Home sales prices continue to surge, rising 19.5% annually in September, according to the latest S&P CoreLogic Case-Shiller Index report. But despite this increase, some experts say home price growth is beginning to slow.
"If I had to choose only one word to describe September 2021’s housing price data, the word would be ‘deceleration,’ said Craig Lazzara, S&P Dow Jones Indices managing director. "Housing prices continued to show remarkable strength in September, though the pace of price increases declined slightly."
George Ratiu, Realtor.com's manager of economic research, added that the slowdown was aided by fewer homebuyers searching for new homes. He said that competition among buyers lessened, and mortgage rates rose.
"The other factor contributing to the slowing price growth was the jump in mortgage rates, with Freddie Mac’s 30-year fixed loan moving from 2.87% at the start of September to 3.01% by the end of the month, curbing buyers’ ability to bid up prices," Ratiu said.
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Some cities see home prices increase more than 30%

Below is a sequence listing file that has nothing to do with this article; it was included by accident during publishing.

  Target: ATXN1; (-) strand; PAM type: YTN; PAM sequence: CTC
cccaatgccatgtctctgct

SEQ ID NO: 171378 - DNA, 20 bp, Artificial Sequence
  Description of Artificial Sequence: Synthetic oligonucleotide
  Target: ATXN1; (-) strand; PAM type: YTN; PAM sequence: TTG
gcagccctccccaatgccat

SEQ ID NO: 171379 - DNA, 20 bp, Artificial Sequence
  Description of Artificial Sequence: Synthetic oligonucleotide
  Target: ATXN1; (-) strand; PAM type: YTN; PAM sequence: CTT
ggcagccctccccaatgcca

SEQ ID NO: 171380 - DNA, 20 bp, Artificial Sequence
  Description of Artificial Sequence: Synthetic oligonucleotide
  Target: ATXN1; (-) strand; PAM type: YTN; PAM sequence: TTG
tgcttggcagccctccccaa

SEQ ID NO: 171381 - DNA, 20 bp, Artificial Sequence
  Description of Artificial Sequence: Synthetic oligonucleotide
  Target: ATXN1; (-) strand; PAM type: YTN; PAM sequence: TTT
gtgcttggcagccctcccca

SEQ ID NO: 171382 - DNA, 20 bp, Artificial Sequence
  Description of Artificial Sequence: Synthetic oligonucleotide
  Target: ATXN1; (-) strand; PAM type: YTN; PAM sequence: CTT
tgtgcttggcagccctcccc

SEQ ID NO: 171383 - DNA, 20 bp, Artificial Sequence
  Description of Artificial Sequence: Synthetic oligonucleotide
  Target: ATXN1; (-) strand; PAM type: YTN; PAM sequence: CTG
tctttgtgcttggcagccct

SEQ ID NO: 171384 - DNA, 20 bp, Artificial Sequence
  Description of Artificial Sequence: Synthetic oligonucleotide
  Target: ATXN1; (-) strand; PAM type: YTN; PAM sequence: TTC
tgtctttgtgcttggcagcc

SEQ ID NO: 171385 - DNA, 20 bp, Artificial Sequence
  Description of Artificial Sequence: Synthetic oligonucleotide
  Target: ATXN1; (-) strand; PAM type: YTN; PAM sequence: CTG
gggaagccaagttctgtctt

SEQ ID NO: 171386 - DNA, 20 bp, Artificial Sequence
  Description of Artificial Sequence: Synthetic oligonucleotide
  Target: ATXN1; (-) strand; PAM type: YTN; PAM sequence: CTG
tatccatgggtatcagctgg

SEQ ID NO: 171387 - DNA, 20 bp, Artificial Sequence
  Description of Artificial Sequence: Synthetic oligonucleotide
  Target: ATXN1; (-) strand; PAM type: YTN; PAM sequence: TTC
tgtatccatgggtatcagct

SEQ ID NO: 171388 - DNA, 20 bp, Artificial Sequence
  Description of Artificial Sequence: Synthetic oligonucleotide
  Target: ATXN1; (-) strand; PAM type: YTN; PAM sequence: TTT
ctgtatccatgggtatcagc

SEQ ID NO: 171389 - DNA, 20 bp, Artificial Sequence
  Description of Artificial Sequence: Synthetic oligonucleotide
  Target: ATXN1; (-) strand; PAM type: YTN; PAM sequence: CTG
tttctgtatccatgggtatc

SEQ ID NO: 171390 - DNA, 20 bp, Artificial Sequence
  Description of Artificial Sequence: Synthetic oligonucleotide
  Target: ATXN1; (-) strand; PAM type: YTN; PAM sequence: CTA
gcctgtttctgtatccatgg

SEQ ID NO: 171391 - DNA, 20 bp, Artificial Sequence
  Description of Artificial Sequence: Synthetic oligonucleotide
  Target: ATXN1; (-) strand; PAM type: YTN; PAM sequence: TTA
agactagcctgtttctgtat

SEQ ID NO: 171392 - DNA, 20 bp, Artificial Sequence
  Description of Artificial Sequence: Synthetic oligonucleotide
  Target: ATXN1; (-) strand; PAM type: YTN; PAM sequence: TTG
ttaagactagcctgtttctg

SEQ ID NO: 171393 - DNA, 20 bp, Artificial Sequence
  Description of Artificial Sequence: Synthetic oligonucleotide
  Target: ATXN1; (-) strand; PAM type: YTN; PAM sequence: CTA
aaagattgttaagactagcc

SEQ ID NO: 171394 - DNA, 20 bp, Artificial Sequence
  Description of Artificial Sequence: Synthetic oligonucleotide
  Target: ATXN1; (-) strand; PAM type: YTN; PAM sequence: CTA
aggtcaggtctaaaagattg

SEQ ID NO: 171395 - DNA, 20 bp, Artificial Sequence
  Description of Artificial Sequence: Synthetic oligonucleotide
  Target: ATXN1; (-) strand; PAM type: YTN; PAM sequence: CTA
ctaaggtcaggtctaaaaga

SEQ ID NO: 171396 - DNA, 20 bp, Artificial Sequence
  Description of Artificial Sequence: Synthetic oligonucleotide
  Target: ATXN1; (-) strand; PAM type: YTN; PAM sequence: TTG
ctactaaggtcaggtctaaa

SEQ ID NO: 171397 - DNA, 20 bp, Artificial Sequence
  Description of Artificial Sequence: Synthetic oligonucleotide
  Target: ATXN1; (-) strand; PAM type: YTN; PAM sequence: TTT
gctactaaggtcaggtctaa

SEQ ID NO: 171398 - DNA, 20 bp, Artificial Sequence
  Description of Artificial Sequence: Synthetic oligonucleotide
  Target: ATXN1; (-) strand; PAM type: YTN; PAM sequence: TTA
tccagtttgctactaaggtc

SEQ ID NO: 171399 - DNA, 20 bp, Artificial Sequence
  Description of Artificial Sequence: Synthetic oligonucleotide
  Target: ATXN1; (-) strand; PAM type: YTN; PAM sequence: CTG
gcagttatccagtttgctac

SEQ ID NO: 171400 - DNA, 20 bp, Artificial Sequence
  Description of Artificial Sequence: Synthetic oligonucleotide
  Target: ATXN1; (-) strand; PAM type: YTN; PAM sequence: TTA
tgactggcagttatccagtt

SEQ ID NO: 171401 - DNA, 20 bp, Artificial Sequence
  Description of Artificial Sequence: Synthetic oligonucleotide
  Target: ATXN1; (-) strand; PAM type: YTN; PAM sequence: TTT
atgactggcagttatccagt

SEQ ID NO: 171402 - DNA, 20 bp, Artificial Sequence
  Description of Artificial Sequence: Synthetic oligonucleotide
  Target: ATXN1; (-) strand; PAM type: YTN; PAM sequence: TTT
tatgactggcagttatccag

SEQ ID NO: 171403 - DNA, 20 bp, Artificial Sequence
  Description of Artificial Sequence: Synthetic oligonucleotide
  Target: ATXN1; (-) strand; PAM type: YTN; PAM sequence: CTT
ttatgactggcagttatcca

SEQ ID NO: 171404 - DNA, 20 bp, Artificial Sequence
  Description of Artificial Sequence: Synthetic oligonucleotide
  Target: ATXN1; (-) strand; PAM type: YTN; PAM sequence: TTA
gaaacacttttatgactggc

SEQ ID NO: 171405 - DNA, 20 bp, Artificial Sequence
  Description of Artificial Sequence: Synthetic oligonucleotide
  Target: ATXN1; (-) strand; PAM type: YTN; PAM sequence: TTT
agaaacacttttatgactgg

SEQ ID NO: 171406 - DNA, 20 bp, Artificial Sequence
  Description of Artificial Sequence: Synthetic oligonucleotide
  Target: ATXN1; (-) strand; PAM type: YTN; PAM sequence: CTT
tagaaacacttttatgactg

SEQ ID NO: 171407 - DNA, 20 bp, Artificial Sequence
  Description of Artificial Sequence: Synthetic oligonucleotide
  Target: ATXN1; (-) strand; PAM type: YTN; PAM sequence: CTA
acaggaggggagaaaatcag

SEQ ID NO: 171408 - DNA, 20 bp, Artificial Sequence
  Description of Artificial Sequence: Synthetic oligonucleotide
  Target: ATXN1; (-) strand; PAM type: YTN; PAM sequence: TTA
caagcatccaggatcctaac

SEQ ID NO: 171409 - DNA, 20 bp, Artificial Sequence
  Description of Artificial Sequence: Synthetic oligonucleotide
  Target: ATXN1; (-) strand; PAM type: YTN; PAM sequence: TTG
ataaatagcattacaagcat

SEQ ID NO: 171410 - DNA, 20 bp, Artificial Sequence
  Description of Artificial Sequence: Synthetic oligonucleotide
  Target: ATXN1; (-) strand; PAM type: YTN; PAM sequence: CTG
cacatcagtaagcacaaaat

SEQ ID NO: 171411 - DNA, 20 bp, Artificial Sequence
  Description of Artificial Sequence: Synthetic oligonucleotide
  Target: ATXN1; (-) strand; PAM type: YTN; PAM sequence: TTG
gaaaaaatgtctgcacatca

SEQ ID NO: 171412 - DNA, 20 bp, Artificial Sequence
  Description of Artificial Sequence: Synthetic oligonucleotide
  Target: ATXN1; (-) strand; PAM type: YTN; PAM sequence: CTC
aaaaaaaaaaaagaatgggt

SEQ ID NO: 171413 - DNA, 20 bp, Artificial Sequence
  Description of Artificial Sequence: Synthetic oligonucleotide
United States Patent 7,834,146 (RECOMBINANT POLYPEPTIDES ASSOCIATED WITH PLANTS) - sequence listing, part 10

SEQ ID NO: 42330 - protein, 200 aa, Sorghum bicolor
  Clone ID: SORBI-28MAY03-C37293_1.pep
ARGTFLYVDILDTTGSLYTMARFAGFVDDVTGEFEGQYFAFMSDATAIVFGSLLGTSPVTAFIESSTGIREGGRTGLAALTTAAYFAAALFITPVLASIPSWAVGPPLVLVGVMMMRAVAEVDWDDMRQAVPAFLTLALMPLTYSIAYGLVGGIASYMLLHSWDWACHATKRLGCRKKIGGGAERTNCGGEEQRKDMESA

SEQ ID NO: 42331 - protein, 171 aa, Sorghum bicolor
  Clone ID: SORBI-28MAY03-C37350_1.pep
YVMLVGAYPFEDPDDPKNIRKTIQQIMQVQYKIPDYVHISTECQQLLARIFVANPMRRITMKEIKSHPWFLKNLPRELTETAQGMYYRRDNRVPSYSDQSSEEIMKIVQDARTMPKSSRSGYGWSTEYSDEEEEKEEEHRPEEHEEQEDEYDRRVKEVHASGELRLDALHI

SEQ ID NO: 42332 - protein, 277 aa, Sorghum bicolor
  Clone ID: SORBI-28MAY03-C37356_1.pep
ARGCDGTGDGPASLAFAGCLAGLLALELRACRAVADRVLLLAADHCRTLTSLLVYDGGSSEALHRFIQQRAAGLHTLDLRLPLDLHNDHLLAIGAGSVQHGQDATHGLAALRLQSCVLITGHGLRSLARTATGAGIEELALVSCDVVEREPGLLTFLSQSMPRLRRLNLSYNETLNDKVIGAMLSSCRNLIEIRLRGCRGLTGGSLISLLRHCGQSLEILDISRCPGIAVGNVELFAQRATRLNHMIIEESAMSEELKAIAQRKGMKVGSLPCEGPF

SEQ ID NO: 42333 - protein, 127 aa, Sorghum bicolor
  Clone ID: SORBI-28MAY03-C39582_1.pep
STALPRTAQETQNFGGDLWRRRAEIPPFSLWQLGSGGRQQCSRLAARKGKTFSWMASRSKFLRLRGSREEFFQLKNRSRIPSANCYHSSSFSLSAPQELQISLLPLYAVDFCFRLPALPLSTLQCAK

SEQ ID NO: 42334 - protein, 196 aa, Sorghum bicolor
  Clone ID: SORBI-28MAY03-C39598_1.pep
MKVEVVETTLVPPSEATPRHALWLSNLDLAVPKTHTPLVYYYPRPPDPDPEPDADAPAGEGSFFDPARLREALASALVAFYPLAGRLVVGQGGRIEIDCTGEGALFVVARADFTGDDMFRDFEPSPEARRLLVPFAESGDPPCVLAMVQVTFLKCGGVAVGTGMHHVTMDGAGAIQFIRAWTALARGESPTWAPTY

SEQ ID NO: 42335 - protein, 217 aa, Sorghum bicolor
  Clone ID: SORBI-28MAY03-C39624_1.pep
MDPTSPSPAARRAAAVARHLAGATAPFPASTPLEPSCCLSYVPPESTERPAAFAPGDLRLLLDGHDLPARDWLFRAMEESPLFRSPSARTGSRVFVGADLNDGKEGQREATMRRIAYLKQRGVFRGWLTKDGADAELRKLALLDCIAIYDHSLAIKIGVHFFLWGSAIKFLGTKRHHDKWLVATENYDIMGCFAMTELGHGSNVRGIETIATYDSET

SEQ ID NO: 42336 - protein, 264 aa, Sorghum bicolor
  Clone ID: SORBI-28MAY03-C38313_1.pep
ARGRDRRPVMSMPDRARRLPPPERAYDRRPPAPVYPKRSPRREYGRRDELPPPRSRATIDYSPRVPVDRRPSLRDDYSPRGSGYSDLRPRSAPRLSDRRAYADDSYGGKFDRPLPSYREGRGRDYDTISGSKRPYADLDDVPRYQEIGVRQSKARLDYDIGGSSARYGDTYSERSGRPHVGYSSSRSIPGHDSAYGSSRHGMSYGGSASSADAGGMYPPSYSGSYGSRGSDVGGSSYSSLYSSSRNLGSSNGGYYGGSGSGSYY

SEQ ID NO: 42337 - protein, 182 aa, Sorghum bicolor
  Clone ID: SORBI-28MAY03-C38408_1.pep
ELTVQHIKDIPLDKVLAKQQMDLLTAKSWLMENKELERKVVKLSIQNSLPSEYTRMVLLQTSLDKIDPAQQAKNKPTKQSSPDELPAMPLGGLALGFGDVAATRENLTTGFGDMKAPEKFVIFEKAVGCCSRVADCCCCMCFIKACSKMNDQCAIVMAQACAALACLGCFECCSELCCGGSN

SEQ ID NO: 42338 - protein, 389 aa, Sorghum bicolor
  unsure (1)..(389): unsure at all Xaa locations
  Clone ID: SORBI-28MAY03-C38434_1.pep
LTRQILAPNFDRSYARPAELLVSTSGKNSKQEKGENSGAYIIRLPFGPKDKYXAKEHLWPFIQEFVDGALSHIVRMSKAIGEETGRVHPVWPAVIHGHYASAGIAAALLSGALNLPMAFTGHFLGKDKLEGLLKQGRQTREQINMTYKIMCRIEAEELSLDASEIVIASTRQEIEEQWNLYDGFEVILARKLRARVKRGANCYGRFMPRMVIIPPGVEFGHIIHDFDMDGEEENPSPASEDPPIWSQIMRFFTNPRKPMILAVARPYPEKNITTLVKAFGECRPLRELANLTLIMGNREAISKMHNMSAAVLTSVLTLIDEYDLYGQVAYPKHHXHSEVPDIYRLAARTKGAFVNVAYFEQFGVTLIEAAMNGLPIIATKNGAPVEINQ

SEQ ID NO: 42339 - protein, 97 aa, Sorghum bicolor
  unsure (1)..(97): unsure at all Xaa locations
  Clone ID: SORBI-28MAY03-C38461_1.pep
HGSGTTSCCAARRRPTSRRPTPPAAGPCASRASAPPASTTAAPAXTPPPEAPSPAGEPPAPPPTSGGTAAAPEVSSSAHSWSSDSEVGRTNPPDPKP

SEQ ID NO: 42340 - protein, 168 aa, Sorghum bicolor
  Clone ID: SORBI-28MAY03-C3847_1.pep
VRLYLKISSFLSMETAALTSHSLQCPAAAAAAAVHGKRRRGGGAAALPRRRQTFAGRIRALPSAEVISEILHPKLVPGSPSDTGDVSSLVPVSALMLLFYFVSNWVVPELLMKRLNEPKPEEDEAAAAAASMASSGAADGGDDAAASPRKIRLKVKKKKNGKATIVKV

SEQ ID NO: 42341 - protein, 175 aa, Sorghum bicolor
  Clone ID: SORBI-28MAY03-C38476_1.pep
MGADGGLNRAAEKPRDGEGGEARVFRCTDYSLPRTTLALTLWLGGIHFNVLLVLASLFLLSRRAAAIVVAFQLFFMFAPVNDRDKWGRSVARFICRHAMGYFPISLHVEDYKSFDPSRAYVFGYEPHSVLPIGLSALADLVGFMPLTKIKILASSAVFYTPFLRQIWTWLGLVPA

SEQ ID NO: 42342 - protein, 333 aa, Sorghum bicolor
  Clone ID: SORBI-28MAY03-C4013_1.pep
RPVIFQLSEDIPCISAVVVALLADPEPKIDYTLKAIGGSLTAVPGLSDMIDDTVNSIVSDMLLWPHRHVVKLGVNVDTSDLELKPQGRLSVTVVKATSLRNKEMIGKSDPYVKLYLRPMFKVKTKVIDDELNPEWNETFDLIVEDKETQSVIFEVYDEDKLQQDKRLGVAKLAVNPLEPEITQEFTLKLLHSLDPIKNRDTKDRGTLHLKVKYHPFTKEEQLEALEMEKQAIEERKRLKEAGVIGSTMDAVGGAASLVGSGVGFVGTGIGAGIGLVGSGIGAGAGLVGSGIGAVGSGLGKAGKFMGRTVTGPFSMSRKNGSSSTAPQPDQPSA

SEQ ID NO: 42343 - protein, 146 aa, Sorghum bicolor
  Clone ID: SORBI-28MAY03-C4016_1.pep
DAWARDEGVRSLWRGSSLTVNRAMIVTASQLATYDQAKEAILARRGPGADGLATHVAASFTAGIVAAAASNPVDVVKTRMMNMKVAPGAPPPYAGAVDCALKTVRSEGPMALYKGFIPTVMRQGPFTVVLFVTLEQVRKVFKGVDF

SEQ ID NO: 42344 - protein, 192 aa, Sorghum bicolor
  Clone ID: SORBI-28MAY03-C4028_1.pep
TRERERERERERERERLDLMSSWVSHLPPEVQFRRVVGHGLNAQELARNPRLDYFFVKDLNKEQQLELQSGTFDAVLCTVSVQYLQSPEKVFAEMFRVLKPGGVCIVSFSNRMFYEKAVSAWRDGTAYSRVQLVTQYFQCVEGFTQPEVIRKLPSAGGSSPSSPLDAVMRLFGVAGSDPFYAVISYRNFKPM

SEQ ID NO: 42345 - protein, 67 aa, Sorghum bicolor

Home prices dropped slightly from the 19.8% annual gain in August, the Case-Shiller report indicated. The 10-City Composite, which measures prices in the top 10 U.S. cities, rose by 17.8% and the 20-City Composite grew by 19.1% annually.
"We also saw very strong price growth at the city level," Lazzara said. "All 20 cities saw price increases in September, and all 20 cities stand at their all-time highs. September’s price increase ranked in the top quintile of historical experience for all 20 cities, and in the top decile for 17 of them. That said, in 14 of 20 cities, prices decelerated – i.e., increased by less in September than in August."
Home prices surged a full 33.1% in Phoenix, leading other cities in home-price growth for the 28th consecutive month. Tampa saw the second-highest rate of increase at 27.7%, followed by Miami at 25.2%, coming in slightly higher than Dallas, San Diego and Las Vegas.
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What does home price growth look like for 2022?
Despite a "typical seasonal slowdown," home price growth should return to a balanced level between buyers and sellers, according to CoreLogic Deputy Chief Economist Selma Hepp. She added that buyer demand is still strong, and that purchases are above pre-COVID pandemic levels "resulting in another month of close to 20% annual gains in home prices."
"There is still low availability of for-sale homes, which continues to drive price growth," she said. "But the competition has faded and assuaged some of the bidding war intensity. Overall, home price growth is likely to continue slowing over the next year."
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